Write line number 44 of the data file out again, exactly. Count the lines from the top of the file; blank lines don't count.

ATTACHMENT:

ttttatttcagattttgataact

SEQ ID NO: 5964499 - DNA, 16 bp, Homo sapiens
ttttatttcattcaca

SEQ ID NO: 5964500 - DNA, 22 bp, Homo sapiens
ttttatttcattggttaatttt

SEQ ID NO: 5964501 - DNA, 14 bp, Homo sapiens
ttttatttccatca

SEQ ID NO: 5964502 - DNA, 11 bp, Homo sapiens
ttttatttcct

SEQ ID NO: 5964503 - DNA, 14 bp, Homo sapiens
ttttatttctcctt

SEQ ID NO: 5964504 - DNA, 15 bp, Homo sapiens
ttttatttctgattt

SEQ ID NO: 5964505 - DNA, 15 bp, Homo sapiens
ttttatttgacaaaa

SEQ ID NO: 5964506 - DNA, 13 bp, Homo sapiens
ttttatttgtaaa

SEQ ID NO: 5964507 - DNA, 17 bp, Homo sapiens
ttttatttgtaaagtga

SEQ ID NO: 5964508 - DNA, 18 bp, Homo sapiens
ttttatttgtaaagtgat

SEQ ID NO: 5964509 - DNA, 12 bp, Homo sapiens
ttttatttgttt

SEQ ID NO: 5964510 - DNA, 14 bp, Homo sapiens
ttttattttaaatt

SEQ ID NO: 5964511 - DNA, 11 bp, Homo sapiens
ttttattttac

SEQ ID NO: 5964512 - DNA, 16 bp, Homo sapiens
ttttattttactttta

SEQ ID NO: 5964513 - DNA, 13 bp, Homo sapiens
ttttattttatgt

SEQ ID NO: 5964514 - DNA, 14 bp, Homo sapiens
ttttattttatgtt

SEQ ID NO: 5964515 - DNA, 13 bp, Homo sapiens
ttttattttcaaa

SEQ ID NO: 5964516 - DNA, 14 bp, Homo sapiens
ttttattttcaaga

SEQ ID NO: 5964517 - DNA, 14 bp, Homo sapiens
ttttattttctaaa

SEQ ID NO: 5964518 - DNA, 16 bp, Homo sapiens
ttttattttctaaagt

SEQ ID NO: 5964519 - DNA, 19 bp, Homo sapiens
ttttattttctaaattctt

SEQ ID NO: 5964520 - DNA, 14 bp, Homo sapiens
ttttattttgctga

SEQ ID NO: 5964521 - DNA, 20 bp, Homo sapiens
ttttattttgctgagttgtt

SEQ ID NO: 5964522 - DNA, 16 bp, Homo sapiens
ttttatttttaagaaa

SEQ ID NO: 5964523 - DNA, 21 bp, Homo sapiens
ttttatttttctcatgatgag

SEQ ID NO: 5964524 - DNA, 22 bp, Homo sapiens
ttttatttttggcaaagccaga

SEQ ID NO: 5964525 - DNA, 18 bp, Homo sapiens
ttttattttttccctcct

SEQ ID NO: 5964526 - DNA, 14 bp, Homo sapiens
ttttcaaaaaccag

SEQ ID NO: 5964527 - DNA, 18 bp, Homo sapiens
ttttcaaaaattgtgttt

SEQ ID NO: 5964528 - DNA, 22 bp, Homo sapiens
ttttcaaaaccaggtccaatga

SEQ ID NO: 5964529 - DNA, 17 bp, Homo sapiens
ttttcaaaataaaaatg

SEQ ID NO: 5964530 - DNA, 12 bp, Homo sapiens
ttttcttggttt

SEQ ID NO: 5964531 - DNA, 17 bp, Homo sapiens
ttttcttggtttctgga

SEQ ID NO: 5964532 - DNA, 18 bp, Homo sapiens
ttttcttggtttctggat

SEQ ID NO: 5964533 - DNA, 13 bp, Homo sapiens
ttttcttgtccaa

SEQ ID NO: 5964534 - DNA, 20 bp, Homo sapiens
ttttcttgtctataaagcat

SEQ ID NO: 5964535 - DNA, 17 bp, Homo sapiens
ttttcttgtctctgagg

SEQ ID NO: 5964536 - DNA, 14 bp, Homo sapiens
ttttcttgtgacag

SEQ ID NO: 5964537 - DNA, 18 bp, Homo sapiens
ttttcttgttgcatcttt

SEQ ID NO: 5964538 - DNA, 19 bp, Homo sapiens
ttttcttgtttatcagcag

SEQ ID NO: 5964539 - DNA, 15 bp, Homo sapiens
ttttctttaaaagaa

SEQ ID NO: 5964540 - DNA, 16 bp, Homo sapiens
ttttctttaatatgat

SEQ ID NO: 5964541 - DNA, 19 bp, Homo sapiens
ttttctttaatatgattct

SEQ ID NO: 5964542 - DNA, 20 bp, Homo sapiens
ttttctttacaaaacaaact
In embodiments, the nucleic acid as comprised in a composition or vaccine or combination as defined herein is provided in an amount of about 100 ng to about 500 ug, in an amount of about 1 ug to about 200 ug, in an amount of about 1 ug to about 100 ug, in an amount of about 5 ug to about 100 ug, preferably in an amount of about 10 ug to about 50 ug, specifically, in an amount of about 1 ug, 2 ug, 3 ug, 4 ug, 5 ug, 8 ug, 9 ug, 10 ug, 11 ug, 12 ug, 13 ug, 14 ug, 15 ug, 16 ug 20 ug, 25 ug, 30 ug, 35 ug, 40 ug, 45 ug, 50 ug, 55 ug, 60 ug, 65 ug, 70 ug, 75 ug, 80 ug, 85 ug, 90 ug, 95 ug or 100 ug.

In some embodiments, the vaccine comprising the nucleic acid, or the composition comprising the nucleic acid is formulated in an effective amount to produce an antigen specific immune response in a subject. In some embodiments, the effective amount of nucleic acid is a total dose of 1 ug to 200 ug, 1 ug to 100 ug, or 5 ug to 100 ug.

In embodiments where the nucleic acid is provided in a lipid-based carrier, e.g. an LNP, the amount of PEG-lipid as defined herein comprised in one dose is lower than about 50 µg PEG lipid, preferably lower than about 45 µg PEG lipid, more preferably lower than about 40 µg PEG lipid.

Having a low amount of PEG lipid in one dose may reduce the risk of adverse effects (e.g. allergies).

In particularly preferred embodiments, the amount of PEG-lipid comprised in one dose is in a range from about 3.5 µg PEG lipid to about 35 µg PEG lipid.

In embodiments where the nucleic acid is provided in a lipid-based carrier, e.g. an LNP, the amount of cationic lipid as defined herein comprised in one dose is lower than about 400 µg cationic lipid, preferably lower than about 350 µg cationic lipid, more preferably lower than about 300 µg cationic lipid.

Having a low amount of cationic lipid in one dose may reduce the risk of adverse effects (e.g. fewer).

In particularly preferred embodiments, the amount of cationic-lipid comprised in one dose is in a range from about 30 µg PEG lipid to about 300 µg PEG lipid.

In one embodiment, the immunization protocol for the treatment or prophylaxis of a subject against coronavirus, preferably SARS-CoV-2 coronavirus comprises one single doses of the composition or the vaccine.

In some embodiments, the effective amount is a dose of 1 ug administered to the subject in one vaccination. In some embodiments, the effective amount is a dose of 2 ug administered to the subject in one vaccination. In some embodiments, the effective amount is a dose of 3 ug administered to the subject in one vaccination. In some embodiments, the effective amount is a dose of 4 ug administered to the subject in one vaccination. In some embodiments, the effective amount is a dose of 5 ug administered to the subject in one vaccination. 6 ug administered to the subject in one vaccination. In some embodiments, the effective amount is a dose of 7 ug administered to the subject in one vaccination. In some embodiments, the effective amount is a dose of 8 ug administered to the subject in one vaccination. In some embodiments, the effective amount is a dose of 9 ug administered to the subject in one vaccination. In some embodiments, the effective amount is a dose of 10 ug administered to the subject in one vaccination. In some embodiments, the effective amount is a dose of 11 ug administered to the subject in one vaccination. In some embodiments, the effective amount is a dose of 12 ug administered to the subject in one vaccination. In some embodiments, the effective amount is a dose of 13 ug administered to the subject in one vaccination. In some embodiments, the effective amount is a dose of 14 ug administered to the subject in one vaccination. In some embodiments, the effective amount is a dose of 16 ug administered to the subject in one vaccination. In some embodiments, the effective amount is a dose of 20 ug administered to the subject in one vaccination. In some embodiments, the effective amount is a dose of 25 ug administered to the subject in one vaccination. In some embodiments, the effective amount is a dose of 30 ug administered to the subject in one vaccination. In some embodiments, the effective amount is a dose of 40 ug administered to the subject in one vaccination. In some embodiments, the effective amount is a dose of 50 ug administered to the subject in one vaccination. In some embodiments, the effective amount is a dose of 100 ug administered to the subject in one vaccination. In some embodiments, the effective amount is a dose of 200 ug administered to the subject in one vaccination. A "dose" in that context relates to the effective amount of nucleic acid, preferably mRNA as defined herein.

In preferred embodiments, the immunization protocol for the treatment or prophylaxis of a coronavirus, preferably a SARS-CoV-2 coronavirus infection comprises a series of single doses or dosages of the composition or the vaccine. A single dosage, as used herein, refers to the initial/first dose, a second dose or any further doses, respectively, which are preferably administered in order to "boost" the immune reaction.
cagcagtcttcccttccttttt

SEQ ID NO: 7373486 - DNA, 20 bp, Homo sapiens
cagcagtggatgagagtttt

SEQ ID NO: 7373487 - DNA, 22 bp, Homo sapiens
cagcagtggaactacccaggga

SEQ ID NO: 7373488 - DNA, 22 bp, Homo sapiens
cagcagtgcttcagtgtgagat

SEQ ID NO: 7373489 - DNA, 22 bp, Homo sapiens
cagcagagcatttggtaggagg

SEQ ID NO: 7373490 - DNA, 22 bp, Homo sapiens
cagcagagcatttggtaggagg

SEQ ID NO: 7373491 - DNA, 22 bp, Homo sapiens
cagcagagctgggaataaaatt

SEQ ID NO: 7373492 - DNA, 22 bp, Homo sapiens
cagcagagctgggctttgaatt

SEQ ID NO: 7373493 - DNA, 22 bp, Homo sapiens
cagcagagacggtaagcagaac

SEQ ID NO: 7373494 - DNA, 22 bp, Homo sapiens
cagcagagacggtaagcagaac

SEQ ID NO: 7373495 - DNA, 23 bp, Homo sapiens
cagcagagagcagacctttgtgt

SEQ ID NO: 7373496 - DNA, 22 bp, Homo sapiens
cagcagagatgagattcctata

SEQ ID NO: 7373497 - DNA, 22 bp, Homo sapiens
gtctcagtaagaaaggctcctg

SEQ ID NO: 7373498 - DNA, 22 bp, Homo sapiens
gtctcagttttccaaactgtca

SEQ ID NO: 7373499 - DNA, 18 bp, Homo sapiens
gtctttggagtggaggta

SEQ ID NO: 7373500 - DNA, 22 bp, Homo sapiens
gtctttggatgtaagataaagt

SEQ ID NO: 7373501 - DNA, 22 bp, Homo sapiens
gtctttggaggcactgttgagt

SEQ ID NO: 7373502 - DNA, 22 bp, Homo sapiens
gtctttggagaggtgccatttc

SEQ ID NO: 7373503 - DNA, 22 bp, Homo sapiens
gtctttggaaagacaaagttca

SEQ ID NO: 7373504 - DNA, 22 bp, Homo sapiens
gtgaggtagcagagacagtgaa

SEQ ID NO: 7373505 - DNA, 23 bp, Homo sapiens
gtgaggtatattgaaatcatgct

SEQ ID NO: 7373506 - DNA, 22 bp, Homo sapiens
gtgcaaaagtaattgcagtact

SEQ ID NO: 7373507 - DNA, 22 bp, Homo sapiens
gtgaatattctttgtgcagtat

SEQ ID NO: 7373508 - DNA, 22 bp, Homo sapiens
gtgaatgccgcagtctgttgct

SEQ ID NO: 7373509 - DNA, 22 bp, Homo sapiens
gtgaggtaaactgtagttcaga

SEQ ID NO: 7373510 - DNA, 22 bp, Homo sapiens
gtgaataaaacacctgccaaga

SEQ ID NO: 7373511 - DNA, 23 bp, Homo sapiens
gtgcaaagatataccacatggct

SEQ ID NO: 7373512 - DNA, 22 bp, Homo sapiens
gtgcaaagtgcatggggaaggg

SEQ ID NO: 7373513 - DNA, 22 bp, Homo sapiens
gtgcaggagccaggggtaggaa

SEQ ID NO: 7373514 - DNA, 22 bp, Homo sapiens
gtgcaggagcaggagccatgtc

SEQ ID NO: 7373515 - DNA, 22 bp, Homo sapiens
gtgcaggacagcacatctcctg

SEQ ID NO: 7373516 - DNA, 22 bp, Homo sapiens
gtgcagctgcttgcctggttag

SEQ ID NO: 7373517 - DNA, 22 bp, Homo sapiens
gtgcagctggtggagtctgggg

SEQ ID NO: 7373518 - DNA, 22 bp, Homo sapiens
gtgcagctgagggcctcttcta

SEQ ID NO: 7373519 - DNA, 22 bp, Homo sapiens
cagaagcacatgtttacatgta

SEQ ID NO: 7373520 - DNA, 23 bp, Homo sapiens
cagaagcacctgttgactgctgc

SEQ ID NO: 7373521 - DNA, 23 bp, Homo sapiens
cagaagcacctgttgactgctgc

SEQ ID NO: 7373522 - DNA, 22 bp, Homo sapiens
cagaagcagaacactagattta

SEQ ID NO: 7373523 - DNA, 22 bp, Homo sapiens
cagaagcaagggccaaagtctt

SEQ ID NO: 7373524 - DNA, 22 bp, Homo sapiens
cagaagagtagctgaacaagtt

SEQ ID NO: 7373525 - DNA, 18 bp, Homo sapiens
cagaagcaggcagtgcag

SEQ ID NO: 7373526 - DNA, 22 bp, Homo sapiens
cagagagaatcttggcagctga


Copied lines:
SEQ ID NO: 5964520 - DNA, 14 bp, Homo sapiens